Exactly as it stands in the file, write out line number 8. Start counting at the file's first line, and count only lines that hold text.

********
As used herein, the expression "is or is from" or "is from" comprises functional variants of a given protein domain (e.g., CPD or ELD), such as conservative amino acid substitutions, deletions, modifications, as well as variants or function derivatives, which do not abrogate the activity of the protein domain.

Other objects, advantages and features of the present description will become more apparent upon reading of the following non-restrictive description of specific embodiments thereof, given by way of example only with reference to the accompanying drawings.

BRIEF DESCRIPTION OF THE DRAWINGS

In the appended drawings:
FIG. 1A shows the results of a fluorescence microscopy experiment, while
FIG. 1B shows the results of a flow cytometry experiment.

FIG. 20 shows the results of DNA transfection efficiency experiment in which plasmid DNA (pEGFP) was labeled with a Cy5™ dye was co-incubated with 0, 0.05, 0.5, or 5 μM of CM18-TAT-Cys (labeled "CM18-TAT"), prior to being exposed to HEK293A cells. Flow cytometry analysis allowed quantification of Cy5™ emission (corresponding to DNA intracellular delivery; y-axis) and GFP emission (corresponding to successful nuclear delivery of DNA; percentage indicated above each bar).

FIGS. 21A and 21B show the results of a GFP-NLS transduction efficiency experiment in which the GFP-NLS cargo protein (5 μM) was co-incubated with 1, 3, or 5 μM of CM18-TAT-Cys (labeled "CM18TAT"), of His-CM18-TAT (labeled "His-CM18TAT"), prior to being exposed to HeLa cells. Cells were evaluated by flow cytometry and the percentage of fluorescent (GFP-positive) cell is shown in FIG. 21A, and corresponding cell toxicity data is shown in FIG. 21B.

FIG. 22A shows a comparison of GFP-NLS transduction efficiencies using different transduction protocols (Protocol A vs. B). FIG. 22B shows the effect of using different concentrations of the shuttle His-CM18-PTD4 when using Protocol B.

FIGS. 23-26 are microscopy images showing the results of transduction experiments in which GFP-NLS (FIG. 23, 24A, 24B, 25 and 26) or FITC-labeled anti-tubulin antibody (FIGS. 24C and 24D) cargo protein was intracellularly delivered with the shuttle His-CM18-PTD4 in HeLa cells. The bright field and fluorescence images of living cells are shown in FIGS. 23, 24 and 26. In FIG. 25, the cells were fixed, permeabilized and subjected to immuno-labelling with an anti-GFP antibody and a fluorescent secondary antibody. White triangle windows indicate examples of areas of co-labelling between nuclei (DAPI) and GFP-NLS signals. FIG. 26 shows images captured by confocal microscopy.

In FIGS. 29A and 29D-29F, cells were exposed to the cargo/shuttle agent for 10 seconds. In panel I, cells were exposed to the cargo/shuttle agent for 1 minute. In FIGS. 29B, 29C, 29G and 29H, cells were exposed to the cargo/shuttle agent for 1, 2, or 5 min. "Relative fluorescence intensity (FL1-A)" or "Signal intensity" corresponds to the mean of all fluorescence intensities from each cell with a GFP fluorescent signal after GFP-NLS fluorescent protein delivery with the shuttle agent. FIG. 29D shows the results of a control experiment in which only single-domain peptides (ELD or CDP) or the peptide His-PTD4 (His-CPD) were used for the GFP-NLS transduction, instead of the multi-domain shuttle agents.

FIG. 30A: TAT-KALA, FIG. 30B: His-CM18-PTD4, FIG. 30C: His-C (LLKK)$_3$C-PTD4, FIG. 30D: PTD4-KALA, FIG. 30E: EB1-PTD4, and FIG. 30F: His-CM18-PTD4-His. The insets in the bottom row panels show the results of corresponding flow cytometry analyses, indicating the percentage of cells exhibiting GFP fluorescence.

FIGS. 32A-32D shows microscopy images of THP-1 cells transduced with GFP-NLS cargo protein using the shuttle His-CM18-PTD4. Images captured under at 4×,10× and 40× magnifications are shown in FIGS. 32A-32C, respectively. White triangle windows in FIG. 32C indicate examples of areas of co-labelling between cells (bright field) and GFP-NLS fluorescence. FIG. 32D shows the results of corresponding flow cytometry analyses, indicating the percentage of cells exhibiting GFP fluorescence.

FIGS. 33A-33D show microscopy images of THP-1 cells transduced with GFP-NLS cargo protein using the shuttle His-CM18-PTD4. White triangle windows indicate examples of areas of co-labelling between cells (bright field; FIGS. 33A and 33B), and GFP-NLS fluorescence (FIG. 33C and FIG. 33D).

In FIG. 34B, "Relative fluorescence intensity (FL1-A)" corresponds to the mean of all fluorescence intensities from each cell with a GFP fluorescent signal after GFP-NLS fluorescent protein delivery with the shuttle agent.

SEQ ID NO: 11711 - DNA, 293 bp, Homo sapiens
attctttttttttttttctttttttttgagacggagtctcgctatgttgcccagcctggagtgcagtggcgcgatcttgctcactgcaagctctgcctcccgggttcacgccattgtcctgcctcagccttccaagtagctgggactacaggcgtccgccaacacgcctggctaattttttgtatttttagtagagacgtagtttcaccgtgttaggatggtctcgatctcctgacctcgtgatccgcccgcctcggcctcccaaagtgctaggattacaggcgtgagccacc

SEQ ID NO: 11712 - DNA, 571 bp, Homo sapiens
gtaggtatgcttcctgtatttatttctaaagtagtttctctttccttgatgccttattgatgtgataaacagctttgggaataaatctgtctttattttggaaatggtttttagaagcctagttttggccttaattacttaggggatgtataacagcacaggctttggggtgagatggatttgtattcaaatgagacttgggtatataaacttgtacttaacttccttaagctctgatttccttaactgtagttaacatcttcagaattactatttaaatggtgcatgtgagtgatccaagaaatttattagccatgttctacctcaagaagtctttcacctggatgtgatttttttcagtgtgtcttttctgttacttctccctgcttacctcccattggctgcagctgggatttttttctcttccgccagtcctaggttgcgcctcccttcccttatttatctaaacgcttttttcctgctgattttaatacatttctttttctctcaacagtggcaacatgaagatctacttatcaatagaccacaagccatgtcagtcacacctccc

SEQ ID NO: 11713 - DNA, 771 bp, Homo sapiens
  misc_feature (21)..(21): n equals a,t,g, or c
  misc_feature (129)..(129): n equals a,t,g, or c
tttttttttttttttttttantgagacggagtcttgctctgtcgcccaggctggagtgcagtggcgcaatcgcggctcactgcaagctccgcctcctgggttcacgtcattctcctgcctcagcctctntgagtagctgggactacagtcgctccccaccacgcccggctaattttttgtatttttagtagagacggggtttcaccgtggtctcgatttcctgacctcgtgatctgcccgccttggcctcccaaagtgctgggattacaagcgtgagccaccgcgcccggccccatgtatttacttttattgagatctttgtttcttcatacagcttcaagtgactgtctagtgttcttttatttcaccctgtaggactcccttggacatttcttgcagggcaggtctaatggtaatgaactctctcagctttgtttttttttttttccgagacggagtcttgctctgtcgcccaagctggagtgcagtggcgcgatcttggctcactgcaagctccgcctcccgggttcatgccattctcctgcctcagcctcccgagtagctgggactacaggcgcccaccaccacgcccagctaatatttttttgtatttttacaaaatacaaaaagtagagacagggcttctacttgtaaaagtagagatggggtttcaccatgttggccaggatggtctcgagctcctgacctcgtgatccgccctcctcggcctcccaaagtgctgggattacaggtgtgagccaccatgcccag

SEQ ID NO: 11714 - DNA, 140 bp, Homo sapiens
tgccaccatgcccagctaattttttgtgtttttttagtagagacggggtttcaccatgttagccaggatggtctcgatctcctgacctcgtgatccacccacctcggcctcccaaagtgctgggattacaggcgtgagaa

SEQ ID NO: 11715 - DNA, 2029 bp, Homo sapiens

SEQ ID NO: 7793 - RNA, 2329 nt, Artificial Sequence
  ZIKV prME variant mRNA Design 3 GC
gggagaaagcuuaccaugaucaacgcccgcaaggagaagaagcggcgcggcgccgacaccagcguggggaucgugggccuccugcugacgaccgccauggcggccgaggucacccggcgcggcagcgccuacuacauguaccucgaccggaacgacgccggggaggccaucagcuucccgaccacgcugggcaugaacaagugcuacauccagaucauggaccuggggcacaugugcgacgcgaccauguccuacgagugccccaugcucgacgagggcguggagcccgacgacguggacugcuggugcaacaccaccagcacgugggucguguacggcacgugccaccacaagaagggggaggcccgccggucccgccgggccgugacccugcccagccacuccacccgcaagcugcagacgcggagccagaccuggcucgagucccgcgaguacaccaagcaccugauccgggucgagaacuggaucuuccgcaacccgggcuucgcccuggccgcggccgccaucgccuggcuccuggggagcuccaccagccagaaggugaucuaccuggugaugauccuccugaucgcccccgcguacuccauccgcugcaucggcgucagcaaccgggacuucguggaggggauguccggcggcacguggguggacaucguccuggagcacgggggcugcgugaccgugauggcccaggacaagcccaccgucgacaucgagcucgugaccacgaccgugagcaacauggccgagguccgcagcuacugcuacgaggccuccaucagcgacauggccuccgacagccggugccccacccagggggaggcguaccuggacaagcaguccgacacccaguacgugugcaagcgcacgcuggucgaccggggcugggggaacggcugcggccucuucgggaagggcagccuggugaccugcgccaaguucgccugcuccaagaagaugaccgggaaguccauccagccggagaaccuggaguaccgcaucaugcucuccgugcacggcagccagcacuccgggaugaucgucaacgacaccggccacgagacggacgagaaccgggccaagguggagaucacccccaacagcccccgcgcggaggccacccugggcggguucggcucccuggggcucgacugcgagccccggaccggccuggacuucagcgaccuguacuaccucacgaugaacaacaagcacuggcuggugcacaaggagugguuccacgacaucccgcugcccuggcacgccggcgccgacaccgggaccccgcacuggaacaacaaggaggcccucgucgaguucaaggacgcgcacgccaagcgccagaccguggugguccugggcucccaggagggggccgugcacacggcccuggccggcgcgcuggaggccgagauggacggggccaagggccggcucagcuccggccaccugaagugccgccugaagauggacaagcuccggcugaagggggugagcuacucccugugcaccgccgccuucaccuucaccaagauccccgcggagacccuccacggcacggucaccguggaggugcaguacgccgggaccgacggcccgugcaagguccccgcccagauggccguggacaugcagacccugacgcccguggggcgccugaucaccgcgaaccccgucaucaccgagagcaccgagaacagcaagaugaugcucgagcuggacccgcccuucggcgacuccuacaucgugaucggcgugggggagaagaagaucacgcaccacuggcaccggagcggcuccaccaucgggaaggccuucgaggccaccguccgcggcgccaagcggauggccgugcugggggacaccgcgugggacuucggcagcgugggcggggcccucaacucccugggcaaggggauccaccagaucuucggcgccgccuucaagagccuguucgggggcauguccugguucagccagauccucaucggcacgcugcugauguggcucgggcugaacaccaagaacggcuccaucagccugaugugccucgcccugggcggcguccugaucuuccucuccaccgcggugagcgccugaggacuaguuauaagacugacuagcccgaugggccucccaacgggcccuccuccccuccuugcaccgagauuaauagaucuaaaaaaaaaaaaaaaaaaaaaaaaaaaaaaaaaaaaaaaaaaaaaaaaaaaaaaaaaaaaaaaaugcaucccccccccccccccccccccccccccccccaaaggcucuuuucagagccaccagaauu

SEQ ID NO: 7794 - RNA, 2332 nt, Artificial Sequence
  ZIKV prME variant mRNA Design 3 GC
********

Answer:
FIGS. 21A and 21B show the results of a GFP-NLS transduction efficiency experiment in which the GFP-NLS cargo protein (5 μM) was co-incubated with 1, 3, or 5 μM of CM18-TAT-Cys (labeled "CM18TAT"), of His-CM18-TAT (labeled "His-CM18TAT"), prior to being exposed to HeLa cells. Cells were evaluated by flow cytometry and the percentage of fluorescent (GFP-positive) cell is shown in FIG. 21A, and corresponding cell toxicity data is shown in FIG. 21B.